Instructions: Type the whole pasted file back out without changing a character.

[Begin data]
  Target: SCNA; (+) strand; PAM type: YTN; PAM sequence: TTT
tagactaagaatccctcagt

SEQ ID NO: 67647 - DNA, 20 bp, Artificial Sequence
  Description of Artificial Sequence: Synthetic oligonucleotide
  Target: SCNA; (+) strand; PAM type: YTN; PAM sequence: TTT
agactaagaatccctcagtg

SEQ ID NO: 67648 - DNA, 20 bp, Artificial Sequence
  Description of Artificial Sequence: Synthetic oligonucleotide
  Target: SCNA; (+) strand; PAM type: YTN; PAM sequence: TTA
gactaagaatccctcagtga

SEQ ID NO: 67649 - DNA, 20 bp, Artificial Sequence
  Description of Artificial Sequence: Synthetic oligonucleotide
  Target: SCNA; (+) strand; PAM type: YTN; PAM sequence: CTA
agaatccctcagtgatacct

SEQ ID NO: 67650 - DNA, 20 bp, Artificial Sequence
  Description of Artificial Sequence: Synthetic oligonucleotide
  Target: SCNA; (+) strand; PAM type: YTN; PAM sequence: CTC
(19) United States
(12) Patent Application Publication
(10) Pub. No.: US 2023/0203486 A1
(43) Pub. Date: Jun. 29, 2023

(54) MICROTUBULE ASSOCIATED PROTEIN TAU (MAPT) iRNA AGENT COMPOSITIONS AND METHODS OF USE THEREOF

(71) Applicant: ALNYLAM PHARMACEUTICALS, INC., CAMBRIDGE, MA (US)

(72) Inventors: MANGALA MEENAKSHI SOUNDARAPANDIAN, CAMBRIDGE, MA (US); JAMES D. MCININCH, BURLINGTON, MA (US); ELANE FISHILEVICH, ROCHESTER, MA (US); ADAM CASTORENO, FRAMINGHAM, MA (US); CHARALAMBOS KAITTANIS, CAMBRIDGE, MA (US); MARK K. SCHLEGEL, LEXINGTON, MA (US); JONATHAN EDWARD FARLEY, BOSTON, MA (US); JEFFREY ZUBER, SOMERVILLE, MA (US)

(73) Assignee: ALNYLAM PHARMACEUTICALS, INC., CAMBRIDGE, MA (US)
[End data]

  Target: SCNA; (+) strand; PAM type: YTN; PAM sequence: TTT
tagactaagaatccctcagt

SEQ ID NO: 67647 - DNA, 20 bp, Artificial Sequence
  Description of Artificial Sequence: Synthetic oligonucleotide
  Target: SCNA; (+) strand; PAM type: YTN; PAM sequence: TTT
agactaagaatccctcagtg

SEQ ID NO: 67648 - DNA, 20 bp, Artificial Sequence
  Description of Artificial Sequence: Synthetic oligonucleotide
  Target: SCNA; (+) strand; PAM type: YTN; PAM sequence: TTA
gactaagaatccctcagtga

SEQ ID NO: 67649 - DNA, 20 bp, Artificial Sequence
  Description of Artificial Sequence: Synthetic oligonucleotide
  Target: SCNA; (+) strand; PAM type: YTN; PAM sequence: CTA
agaatccctcagtgatacct

SEQ ID NO: 67650 - DNA, 20 bp, Artificial Sequence
  Description of Artificial Sequence: Synthetic oligonucleotide
  Target: SCNA; (+) strand; PAM type: YTN; PAM sequence: CTC
(19) United States
(12) Patent Application Publication
(10) Pub. No.: US 2023/0203486 A1
(43) Pub. Date: Jun. 29, 2023

(54) MICROTUBULE ASSOCIATED PROTEIN TAU (MAPT) iRNA AGENT COMPOSITIONS AND METHODS OF USE THEREOF

(71) Applicant: ALNYLAM PHARMACEUTICALS, INC., CAMBRIDGE, MA (US)

(72) Inventors: MANGALA MEENAKSHI SOUNDARAPANDIAN, CAMBRIDGE, MA (US); JAMES D. MCININCH, BURLINGTON, MA (US); ELANE FISHILEVICH, ROCHESTER, MA (US); ADAM CASTORENO, FRAMINGHAM, MA (US); CHARALAMBOS KAITTANIS, CAMBRIDGE, MA (US); MARK K. SCHLEGEL, LEXINGTON, MA (US); JONATHAN EDWARD FARLEY, BOSTON, MA (US); JEFFREY ZUBER, SOMERVILLE, MA (US)

(73) Assignee: ALNYLAM PHARMACEUTICALS, INC., CAMBRIDGE, MA (US)